Only 15% of consumers currently have a merchant wallet on their phone, and 67% of those say they use the wallet almost always when shopping at that merchant’s store, according to a recent survey by First Annapolis Consulting.
Starbucks, which introduced its mobile payment app in January 2011, is the most common merchant wallet app, cited 62% of consumers who have downloaded one, with Walmart Pay and the Dunkin' Donuts mobile app a distant second and third in popularity, according to First Annapolis’ survey of 1,514 U.S. consumers in January 2017.
But it’s not necessarily speedier and more convenient payments or notifications that motivated consumers to download merchant wallet apps. It’s all about the rewards. More than 75% of respondents who use merchant mobile apps receive rewards as part of their mobile wallet usage and two out of five said they would not have downloaded the app without rewards.
Retail mobile apps aid shoppers
More than half—51%--of consumers still do most of their shopping inside brick-and-mortar stores, but digital commerce channels are gaining influence, according to TD Bank’s latest Retail Experience Index. Overall 34% of consumers said they do most of their shopping online, and millennials between ages 18 and 34 led the way among online shoppers.
Significantly more online shoppers said e-commerce beats using a retailer’s mobile app because of the ability to make purchases at all hours and avoid lines and crowds, but the benefits of shopping online versus using a retailer’s mobile app narrow when it comes redeeming coupons and promotions. Among respondents using digital channels, 58% cited online as the best way to snag deals, versus 51% who preferred retailer mobile apps. TD Bank’s Retail Experience Index is based on a survey of 1,021 U.S. consumers in December 2017.
Merchants are still experimenting with mobile apps
As new mobile app technologies evolve, merchants are eager to test different designs and approaches to see which are most effective for consumers. Nearly a quarter of merchants, or 24%, plan to apply A/B testing methods to decide how to enhance mobile apps with new technology in 2018, according to a recent survey of 106 retailers by TD Bank.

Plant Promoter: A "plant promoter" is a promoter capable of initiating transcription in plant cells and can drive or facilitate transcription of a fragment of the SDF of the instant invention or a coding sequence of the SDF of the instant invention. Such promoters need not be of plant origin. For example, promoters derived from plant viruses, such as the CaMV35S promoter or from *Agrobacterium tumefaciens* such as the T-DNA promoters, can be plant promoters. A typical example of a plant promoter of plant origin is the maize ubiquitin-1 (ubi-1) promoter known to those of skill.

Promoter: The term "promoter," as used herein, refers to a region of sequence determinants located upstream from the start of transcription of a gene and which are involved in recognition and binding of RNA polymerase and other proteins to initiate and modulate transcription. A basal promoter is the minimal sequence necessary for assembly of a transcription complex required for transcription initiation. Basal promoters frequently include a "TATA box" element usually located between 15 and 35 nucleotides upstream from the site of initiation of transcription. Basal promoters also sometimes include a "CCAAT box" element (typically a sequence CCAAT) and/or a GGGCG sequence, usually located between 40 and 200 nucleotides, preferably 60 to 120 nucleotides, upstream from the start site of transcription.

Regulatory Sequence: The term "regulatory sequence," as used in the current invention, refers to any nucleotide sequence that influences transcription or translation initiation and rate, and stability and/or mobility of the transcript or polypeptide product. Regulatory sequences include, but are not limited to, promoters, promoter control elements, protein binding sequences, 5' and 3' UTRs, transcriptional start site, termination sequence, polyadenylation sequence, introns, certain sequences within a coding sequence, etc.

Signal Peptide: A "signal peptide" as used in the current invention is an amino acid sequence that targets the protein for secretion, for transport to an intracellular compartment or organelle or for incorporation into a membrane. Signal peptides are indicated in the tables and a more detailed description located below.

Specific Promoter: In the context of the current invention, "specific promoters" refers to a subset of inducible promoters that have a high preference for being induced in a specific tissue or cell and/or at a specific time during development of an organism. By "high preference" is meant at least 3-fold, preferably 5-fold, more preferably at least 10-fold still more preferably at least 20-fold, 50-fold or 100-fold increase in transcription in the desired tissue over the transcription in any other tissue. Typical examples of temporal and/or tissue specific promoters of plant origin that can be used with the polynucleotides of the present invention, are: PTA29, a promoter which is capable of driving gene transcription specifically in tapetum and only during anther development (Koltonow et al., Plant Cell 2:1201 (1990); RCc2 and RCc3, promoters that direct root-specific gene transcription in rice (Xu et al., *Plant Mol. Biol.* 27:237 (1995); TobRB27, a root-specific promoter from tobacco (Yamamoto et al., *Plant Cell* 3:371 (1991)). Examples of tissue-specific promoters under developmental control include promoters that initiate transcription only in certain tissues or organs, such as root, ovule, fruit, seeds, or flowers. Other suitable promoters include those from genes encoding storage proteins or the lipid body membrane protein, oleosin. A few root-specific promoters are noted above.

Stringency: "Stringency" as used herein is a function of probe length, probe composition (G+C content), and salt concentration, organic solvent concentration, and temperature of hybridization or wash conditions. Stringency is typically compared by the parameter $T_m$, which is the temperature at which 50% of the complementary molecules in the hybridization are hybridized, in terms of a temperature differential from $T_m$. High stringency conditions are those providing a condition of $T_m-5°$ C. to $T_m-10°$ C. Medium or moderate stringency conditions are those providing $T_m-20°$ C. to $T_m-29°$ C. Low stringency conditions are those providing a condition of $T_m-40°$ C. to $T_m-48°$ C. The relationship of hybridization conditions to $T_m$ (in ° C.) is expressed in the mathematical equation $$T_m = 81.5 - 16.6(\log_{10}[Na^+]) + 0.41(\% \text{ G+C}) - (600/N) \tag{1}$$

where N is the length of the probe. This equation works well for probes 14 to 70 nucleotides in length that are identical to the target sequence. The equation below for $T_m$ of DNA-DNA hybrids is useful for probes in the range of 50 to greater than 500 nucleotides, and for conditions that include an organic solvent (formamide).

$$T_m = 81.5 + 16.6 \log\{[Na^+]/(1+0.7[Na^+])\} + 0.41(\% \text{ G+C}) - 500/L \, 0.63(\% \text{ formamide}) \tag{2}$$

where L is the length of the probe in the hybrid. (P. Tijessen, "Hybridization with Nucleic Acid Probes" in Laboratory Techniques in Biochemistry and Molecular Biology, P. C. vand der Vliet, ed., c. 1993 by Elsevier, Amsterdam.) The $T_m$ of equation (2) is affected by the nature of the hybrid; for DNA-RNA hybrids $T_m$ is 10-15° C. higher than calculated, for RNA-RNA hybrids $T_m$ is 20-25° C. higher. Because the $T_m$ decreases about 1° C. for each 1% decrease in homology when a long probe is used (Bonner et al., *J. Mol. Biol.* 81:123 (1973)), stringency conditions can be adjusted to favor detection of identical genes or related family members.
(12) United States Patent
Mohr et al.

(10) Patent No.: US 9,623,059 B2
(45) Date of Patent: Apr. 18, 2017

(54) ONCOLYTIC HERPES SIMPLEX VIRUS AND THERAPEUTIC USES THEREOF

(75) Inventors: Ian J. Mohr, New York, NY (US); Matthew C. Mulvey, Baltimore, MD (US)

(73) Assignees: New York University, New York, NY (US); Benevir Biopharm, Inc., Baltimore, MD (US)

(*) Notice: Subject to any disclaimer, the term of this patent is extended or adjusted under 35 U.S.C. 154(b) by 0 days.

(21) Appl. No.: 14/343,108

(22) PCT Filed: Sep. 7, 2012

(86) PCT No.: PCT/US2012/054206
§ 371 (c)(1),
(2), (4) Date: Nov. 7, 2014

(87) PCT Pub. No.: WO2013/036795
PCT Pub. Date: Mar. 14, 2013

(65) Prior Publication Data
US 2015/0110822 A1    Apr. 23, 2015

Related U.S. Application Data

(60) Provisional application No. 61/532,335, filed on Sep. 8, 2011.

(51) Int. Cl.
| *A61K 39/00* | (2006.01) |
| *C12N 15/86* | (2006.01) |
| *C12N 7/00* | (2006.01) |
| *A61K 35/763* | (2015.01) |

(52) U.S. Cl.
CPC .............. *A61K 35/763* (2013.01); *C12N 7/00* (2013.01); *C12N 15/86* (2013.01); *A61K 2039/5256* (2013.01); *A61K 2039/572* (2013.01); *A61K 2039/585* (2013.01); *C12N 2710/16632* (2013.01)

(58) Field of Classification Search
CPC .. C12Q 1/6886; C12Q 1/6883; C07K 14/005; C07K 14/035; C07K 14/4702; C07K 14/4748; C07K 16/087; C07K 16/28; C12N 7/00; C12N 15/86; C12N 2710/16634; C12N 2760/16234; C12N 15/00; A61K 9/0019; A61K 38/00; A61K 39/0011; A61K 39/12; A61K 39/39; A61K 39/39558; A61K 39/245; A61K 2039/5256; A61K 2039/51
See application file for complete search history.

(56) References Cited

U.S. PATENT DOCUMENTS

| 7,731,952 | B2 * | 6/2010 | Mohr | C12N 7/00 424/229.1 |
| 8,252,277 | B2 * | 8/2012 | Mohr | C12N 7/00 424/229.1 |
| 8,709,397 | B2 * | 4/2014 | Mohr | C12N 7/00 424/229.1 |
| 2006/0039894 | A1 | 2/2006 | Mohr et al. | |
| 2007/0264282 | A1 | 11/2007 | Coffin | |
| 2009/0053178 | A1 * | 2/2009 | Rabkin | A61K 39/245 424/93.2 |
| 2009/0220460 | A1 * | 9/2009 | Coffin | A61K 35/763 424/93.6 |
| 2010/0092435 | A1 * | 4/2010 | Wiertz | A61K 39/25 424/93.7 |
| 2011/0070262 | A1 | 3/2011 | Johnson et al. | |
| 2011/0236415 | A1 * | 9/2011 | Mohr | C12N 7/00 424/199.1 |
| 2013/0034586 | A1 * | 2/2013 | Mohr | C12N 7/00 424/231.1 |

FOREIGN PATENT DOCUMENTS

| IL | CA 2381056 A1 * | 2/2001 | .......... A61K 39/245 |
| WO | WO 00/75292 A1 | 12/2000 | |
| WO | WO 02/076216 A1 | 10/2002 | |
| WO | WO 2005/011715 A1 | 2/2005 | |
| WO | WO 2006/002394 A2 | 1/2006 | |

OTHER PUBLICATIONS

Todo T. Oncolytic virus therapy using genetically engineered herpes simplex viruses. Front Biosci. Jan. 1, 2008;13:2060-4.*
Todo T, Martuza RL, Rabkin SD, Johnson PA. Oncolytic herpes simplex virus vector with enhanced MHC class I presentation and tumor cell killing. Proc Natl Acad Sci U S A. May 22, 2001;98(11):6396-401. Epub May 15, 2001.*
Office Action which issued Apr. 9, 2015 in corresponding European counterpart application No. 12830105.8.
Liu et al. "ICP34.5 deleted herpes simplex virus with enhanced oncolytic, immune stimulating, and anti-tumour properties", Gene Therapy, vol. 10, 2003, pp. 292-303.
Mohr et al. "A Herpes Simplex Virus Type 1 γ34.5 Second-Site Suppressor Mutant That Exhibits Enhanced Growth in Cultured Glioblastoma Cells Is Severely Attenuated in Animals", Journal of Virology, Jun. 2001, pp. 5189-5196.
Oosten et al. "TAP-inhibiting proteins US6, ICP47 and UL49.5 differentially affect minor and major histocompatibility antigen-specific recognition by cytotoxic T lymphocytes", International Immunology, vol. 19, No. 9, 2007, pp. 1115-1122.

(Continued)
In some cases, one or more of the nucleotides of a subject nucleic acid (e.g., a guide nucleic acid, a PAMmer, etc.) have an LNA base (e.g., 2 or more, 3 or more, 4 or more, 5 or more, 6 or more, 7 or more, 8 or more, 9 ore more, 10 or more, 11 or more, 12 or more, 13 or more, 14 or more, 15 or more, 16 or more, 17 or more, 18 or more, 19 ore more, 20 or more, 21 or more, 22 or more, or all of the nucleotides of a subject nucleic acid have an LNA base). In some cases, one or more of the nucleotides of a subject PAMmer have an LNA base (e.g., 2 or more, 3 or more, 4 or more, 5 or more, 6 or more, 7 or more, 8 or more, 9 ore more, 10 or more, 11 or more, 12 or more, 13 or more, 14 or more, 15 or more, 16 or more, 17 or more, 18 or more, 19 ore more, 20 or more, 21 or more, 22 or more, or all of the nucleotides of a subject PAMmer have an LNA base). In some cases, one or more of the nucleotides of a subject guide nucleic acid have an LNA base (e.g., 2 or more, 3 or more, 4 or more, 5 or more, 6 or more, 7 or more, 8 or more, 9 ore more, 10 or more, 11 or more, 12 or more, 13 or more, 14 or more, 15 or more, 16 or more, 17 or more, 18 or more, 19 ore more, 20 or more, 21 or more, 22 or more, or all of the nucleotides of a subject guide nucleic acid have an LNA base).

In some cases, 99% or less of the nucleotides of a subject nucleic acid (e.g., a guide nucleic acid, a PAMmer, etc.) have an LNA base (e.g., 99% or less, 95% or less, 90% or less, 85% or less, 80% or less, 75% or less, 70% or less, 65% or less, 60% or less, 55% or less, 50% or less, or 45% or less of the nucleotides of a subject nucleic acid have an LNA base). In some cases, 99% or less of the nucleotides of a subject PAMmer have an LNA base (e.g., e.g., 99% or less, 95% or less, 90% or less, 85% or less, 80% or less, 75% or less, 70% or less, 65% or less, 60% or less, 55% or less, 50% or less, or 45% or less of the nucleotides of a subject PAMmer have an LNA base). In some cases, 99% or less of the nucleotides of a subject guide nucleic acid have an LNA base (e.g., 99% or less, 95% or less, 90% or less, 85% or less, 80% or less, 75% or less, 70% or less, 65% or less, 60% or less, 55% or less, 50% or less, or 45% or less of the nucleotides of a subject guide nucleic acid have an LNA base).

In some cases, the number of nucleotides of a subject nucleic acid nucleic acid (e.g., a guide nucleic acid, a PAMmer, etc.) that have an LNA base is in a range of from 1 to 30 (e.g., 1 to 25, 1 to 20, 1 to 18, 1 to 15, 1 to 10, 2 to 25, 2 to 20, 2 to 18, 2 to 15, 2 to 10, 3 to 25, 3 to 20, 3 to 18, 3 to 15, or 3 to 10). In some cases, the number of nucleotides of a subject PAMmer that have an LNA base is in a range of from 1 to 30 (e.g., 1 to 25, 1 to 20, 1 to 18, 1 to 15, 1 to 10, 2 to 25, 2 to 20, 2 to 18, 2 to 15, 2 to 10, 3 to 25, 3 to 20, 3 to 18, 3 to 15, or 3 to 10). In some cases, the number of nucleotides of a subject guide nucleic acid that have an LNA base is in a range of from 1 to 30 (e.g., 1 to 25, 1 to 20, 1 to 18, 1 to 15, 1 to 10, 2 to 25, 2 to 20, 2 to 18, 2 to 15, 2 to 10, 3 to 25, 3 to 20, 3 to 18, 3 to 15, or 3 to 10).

One in five retailers aims to use new mobile app technology next year to develop better methods for tracking customer behavior, while 18% plan to apply new technology to enabling mobile payments, according to TD Bank’s survey. About 13% of merchants plan to focus on improving their rankings within online search engines, while 11% aim to apply new technology to customer retargeting, and 6% will look into new technology to support the Internet of Things.
Retailer mobile apps lag big wallets
Mobile wallets that let consumers pay for an entire basket of goods with a smartphone have been evolving gradually over the last few years, with each supporting payments in their own unique fashion. Overall usage remains low—just about one in five consumers has used a mobile wallet for an in-store payment—in part because the technology for each varies widely.
Broad contactless mobile wallets arrived in late 2014 with Apple Pay, followed within months by Android Pay and Samsung Pay, with digital wallets from the card networks and major financial services players evolving simultaneously. Merchants followed with Walmart Pay (late 2015) and Kohl's Pay (2016), and Target Wallet launched this week.
Mobile wallet usage isn't a zero-sum equation, because consumers will use more than one due to different device requirements and levels of merchant support. But a study of 800 U.S. debit card users by Auriemma Consulting Group mid-2017 shows that among those using a mobile payment app within the last month, Apple Pay is still enjoying the results of its early start, while Walmart Pay's relative popularity reflects its reach as the nation's largest retailer.
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